“There would be no street improvements, there would be no street lights,” she said. “They don’t realize what they have and what they would lose.”

For Cary, who’s heard from residents that they’d like to see changes in Waterloo, the only way to have change is to be the change.

WATERLOO RESIDENTS Bill Pipper, Don Nelson, Justin Cary and his son, Cole, volunteer a few hours out of their day to build a concrete pad for the new bus shelter at 6th and Card streets. Cary believes he shouldn’t have to rely on older generations to help with city improvements when so many young families are moving in.

 “I believe that the only way it will (change) is if we begin to have younger people, with their energy, optimism and visions of what Waterloo can become to join our council and get involved.”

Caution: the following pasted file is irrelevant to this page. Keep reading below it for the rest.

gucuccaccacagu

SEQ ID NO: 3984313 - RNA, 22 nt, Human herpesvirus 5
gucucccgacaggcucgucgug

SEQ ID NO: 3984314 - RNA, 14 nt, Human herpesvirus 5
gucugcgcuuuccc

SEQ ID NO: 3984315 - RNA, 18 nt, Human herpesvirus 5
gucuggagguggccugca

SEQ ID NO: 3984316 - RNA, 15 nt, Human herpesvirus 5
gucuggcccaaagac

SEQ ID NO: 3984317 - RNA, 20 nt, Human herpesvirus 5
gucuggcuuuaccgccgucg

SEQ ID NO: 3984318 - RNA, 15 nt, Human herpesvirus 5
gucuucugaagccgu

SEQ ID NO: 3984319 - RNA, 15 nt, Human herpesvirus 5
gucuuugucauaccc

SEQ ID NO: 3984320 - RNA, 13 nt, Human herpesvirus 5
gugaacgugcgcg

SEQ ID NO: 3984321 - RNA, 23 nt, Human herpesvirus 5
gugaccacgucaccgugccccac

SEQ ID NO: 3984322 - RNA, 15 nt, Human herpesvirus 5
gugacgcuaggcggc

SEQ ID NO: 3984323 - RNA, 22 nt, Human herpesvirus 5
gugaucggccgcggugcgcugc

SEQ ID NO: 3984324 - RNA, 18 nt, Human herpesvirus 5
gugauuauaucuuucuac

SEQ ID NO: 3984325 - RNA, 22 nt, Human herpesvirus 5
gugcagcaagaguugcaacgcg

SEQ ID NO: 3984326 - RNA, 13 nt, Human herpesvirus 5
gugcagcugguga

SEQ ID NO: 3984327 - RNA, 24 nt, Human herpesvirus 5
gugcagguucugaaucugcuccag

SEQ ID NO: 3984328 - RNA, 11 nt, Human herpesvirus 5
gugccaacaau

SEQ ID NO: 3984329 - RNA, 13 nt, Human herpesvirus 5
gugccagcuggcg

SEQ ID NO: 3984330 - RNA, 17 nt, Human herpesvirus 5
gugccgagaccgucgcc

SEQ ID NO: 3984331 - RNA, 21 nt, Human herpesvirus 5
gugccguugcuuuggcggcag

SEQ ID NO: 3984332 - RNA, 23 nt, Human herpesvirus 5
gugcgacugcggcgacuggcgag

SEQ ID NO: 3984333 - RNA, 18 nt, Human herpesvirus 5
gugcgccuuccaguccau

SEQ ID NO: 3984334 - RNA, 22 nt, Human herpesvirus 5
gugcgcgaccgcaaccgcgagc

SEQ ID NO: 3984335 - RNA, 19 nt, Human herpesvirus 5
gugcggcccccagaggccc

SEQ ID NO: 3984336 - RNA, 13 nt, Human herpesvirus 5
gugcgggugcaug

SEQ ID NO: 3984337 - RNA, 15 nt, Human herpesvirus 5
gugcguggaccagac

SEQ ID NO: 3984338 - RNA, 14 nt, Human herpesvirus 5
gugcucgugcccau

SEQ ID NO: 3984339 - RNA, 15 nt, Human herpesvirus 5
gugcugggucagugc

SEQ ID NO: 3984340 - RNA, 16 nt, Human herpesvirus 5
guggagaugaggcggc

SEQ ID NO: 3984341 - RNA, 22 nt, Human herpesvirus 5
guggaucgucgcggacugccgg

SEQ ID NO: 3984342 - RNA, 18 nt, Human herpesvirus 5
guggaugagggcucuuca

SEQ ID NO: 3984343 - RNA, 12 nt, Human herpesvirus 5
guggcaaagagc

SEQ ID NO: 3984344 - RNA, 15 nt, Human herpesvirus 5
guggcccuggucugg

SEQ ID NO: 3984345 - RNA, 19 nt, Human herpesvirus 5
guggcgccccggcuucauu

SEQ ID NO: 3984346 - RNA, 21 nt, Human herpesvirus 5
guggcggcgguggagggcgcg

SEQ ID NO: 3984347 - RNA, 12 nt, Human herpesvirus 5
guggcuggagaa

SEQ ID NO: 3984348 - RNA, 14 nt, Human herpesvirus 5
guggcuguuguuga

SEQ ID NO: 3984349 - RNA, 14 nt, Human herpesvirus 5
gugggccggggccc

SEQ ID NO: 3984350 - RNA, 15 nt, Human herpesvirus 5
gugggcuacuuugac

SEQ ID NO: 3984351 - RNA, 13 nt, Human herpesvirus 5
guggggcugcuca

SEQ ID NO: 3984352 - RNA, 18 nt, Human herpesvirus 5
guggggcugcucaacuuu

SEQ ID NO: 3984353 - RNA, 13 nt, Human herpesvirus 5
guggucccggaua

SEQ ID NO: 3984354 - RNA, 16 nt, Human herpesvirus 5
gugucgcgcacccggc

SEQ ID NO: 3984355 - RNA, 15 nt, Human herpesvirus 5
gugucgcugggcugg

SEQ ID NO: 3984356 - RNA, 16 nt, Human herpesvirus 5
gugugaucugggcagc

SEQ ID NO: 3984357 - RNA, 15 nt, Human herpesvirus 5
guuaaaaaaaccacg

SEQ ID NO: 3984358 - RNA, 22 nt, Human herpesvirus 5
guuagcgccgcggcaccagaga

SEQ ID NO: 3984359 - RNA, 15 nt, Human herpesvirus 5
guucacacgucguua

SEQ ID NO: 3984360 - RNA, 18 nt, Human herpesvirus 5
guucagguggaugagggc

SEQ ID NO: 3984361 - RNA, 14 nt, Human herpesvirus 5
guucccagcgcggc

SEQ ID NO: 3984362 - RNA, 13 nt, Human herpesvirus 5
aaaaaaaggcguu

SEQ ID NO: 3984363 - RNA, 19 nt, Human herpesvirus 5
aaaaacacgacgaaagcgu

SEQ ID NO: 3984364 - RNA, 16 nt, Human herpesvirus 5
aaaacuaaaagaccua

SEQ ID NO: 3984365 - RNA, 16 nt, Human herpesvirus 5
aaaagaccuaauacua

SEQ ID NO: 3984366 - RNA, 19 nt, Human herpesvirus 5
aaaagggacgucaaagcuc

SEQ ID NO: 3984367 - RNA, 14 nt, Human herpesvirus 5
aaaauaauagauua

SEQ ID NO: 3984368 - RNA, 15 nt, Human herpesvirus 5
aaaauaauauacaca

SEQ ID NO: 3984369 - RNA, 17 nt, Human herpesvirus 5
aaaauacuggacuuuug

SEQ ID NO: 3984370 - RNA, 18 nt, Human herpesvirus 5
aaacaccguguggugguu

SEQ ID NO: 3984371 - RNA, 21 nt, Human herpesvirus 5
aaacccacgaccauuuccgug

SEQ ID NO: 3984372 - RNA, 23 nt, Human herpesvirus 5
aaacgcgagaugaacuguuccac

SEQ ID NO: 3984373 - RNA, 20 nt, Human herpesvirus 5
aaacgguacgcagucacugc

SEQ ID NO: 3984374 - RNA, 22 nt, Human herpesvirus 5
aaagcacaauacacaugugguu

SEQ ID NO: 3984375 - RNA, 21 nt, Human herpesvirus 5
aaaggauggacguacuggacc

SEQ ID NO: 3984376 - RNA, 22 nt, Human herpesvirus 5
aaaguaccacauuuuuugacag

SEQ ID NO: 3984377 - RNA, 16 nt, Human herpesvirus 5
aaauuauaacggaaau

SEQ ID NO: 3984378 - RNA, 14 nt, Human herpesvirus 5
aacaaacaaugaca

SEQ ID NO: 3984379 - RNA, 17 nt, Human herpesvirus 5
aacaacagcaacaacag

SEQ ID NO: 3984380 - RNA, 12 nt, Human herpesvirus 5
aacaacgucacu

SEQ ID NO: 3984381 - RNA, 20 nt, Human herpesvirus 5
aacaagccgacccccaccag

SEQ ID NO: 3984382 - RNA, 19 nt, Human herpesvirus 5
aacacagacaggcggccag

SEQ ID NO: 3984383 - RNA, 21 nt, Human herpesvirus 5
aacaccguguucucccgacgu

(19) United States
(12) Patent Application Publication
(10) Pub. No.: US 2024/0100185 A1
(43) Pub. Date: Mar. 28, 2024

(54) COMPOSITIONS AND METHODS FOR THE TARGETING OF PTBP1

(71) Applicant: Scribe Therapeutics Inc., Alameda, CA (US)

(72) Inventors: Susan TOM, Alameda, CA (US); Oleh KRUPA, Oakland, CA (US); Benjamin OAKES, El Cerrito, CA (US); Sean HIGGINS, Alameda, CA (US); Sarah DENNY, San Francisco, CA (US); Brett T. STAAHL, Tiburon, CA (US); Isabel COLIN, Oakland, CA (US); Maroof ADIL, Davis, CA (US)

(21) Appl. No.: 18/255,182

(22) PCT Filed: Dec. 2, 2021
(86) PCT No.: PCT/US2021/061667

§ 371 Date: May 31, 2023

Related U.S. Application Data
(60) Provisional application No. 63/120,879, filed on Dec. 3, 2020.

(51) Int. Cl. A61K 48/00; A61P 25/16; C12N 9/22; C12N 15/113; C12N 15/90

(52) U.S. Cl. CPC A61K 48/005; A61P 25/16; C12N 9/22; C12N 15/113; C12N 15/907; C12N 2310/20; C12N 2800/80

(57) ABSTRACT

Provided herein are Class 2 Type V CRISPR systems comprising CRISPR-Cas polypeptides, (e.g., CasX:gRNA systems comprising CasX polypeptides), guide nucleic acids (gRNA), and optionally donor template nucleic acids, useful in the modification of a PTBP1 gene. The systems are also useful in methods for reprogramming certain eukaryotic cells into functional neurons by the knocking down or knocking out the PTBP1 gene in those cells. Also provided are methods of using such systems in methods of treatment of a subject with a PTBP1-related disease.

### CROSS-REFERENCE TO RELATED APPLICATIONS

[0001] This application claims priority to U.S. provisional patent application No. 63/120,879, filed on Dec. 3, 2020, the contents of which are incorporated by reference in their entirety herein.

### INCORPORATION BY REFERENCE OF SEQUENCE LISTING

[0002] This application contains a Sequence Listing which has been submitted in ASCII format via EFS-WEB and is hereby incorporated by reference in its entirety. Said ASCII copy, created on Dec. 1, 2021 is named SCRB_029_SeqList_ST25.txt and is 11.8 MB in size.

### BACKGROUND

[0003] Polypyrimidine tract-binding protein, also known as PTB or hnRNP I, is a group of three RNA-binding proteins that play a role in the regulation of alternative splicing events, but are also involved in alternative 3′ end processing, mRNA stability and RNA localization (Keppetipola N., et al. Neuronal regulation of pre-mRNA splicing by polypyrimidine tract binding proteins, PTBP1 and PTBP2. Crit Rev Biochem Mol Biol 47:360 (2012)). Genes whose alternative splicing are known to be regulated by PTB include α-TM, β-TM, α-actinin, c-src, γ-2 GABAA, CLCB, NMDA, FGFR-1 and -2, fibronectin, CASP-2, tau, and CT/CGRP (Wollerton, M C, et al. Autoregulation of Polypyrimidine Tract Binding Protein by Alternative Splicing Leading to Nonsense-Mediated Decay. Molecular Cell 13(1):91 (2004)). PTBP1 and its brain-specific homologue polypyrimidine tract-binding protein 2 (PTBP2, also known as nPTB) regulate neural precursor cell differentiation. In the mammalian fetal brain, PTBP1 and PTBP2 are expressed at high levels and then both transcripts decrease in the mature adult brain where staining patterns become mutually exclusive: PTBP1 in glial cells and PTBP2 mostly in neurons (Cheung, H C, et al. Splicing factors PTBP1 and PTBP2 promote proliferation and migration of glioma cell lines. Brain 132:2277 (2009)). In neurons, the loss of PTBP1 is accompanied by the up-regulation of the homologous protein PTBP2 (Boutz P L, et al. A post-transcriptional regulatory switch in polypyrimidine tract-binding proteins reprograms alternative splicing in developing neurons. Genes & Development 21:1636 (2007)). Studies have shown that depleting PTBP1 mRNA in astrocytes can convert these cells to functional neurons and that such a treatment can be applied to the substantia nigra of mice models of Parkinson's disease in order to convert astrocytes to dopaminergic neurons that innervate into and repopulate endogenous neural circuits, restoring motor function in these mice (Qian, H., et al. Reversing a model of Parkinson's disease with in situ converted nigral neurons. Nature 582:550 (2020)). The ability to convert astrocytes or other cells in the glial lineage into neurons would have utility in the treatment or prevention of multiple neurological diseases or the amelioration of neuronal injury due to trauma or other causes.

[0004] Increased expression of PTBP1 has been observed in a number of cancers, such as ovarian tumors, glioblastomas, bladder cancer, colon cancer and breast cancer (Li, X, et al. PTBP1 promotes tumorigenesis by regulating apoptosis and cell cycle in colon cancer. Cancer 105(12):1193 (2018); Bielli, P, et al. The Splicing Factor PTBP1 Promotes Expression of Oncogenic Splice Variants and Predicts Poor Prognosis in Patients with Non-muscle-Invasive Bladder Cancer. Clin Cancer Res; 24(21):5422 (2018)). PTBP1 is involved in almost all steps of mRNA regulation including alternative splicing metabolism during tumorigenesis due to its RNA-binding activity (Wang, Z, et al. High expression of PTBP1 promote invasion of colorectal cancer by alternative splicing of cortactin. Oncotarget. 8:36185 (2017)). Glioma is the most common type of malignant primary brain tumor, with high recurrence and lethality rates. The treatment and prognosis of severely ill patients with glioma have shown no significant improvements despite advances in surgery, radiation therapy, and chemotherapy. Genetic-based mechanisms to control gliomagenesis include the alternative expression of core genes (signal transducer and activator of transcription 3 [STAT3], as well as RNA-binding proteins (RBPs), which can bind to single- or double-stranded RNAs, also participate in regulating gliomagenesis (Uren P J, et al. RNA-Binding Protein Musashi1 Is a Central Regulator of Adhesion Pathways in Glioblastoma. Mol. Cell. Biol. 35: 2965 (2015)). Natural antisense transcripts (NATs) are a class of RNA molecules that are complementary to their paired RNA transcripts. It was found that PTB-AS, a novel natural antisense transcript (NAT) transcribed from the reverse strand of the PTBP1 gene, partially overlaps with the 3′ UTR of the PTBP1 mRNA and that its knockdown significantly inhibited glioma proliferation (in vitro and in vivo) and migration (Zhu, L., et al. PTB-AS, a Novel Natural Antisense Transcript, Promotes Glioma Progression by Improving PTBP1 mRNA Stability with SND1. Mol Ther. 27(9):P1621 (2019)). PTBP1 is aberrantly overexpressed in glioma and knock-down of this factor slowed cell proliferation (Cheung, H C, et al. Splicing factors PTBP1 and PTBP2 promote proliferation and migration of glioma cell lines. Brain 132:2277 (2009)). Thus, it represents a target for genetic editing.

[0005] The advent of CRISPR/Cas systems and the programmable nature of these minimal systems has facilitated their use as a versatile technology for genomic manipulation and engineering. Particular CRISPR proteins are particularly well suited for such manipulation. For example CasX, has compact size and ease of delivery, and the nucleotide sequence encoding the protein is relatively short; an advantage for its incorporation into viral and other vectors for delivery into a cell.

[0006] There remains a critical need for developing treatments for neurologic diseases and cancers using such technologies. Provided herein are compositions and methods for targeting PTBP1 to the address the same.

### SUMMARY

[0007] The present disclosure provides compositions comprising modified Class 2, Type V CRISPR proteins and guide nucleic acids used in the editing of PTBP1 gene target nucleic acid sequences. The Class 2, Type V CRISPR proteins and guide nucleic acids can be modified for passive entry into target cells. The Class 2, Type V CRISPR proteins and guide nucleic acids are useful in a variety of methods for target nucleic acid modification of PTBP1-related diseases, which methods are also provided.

Cary said being on council only requires an hour a month for the City Council meetings, and maybe a few more hours a month to accomplish any volunteer tasks for city projects.

“I would love to see optimistic people that have a desire to connect with their neighbors and who want to build strong community relationships,” he said. “We need people who can show the community that the city council is here to serve the community and meet their needs, not just to collect fees and enforce rules.”

Cary became mayor last November. He moved to town from  California with his wife and four kids more than two years ago, and was elected mayor with eight votes.

“In a city of about 250 people, I feel it is unfair to expect the grandparents and great-grandparents of this community to bear sole responsibility to move Waterloo forward,” he said.